Modern Languages and Linguistics

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Course overview
(BA) Bachelor of Arts
Modern Languages and Linguistics
Current
University of Essex
University of Essex
Language and Linguistics
Colchester Campus
Honours Degree
Full-time
Languages, Cultures and Societies
Linguistics
BA RQ91
15/04/2017

Professional accreditation

None

Admission criteria

A-levels: BBB
If Portuguese is taken as the major language, A Level pass (or equivalent) in Italian, Spanish or Portuguese or first language level fluency in Italian, Romanian or Spanish is required.

BTEC: DDD, depending on subject studied - advice on acceptability can be provided.

IB: 30 points or three Higher Level certificates with 555
We are also happy to consider a combination of separate IB Diploma Programmes at both Higher and Standard Level. Exact offer levels will vary depending on the range of subjects being taken at higher and standard level, and the course applied for. Please contact the Undergraduate Admissions Office for more information.
To study Portuguese as your major language, you need a pass in Higher Level Italian, Spanish or Portuguese or fluency in Italian, Romanian or Spanish.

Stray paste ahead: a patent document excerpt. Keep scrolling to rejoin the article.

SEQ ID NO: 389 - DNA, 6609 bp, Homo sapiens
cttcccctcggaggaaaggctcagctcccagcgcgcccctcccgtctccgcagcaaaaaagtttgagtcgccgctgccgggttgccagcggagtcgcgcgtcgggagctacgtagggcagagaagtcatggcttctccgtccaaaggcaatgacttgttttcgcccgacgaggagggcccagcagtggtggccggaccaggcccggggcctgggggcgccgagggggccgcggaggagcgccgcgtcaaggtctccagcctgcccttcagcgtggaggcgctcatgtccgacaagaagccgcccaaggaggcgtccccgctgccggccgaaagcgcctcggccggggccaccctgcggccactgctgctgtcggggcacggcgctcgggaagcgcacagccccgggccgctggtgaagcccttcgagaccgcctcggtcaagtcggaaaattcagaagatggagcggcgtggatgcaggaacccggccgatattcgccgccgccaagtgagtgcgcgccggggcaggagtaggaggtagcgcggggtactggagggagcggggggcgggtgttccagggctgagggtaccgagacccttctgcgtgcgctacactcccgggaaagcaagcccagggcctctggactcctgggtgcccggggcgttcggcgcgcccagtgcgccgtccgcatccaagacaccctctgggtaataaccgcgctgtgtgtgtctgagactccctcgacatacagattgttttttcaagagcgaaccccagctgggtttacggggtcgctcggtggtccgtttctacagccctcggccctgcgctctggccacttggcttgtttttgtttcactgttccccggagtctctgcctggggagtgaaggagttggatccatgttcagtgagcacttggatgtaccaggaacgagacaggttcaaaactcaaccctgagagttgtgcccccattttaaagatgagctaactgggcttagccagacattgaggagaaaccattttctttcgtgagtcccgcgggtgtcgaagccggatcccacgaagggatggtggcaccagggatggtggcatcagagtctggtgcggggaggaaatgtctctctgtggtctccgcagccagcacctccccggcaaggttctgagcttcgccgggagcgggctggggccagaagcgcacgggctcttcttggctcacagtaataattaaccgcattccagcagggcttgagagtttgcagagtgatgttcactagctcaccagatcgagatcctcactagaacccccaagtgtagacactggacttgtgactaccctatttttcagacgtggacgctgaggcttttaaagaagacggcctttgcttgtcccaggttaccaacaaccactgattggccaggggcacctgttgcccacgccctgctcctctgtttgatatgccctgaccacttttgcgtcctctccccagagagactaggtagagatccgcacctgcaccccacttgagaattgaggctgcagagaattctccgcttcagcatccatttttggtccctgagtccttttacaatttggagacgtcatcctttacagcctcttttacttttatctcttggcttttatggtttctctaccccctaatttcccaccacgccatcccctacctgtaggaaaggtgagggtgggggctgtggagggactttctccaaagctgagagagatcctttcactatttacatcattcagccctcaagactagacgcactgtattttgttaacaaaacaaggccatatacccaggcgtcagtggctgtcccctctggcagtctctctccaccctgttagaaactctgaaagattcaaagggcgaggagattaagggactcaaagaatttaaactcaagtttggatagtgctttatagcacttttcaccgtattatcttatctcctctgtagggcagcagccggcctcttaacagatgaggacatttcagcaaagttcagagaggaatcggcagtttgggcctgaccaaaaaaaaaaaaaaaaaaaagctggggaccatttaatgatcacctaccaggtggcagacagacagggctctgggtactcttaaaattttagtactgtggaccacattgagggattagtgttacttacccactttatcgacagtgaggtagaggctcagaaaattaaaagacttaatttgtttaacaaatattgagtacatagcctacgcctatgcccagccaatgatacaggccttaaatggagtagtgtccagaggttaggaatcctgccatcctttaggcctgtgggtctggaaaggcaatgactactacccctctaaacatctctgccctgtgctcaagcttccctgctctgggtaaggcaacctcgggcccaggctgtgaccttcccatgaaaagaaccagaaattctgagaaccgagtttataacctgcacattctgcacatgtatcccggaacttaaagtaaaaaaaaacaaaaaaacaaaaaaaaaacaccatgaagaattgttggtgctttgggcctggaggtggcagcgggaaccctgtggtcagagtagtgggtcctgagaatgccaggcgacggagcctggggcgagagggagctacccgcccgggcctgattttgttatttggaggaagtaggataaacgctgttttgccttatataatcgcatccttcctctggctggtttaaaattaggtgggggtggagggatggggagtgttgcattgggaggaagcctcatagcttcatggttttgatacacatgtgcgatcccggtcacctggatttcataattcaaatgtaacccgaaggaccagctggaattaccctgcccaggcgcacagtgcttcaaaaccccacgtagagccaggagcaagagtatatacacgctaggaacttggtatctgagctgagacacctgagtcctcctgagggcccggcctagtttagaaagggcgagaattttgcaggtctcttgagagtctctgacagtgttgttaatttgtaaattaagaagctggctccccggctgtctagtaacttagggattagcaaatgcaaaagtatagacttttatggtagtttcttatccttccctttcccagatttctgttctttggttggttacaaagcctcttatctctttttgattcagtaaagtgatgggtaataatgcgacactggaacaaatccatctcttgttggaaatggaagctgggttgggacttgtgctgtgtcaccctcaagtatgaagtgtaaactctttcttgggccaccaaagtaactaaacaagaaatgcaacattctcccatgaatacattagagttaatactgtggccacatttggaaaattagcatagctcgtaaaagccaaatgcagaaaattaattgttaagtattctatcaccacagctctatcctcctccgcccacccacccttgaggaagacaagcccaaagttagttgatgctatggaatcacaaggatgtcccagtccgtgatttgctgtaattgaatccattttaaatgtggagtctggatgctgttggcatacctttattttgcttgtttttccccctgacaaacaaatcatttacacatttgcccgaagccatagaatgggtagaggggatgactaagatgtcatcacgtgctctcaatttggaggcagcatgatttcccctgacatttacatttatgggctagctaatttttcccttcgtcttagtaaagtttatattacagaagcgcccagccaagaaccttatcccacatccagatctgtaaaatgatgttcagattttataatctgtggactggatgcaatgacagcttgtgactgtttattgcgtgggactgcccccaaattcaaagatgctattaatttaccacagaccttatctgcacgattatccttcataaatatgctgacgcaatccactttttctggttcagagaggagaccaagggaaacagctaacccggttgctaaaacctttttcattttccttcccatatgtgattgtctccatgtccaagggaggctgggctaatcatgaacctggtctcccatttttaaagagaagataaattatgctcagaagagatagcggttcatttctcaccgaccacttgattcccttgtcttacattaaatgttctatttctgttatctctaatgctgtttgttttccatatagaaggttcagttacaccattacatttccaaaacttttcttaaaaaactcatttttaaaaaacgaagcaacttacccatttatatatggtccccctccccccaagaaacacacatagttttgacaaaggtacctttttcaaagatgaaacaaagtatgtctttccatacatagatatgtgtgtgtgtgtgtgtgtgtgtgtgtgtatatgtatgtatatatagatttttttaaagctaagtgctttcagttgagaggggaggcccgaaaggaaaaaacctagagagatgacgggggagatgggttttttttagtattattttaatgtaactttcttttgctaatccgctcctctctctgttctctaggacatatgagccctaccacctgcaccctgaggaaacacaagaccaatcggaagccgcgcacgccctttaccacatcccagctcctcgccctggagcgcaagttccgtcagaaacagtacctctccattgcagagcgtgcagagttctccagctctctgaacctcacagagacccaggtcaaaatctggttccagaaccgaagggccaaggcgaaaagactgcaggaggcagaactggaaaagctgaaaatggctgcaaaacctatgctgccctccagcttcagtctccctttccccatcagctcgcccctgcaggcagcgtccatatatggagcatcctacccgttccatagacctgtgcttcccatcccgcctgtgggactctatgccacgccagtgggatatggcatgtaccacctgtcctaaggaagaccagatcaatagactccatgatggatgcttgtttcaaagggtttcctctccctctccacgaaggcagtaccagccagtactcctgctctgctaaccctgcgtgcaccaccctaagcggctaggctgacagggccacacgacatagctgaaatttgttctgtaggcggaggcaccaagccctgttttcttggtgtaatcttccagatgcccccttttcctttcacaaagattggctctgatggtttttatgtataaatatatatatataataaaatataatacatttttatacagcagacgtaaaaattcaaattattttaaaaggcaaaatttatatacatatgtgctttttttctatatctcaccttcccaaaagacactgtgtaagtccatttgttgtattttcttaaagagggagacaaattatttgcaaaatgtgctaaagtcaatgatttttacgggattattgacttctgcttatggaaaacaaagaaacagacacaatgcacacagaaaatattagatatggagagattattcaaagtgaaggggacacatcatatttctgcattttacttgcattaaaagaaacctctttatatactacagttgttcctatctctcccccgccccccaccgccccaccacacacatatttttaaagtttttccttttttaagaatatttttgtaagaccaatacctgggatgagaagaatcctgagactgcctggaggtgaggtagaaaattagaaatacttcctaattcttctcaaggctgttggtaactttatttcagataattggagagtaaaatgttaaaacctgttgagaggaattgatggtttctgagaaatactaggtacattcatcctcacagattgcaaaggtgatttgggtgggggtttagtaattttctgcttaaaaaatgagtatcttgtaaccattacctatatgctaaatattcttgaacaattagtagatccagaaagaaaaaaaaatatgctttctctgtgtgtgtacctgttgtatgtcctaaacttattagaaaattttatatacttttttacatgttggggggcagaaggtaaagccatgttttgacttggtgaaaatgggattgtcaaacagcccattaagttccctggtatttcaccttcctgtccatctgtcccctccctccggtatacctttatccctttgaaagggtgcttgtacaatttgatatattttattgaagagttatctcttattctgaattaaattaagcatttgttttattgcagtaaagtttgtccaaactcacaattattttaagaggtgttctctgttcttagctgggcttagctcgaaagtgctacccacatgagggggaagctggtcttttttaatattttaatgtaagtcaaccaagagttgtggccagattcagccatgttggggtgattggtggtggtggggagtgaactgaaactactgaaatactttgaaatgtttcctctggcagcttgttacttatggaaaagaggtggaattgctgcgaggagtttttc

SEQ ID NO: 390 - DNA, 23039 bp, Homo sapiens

Access to HE Diploma: 45 Level 3 credits at Merit or above

Flexible offers
Eligible applicants that choose us as their firm choice by the relevant deadline will be able to take advantage of a flexible offer. This offer will specify alternative entry requirements than those published here so, if your final grades aren’t what you had hoped for, you could still secure a place with us. Visit our undergraduate application information page for more details.

IELTS (International English Language Testing System) code

English language requirements for applicants whose first language is not English: IELTS 6.0 overall. (Different requirements apply for second year entry.)

If you do not meet our IELTS requirements then you may be able to complete a pre-sessional English pathway that enables you to start your course without retaking IELTS.

If you are an international student requiring a Tier 4 visa to study in the UK please see our immigration webpages for the latest Home Office guidance on English language qualifications.

Other English language qualifications may be acceptable so please contact us for further details. If we accept the English component of an international qualification then it will be included in the information given about the academic levels required. Please note that date restrictions may apply to some English language qualifications.

Additional Notes

If you’re an international student, but do not meet the English language or academic requirements for direct admission to this degree, you could prepare and gain entry through a pathway course. Find out more about opportunities available to you at the University of Essex International College here.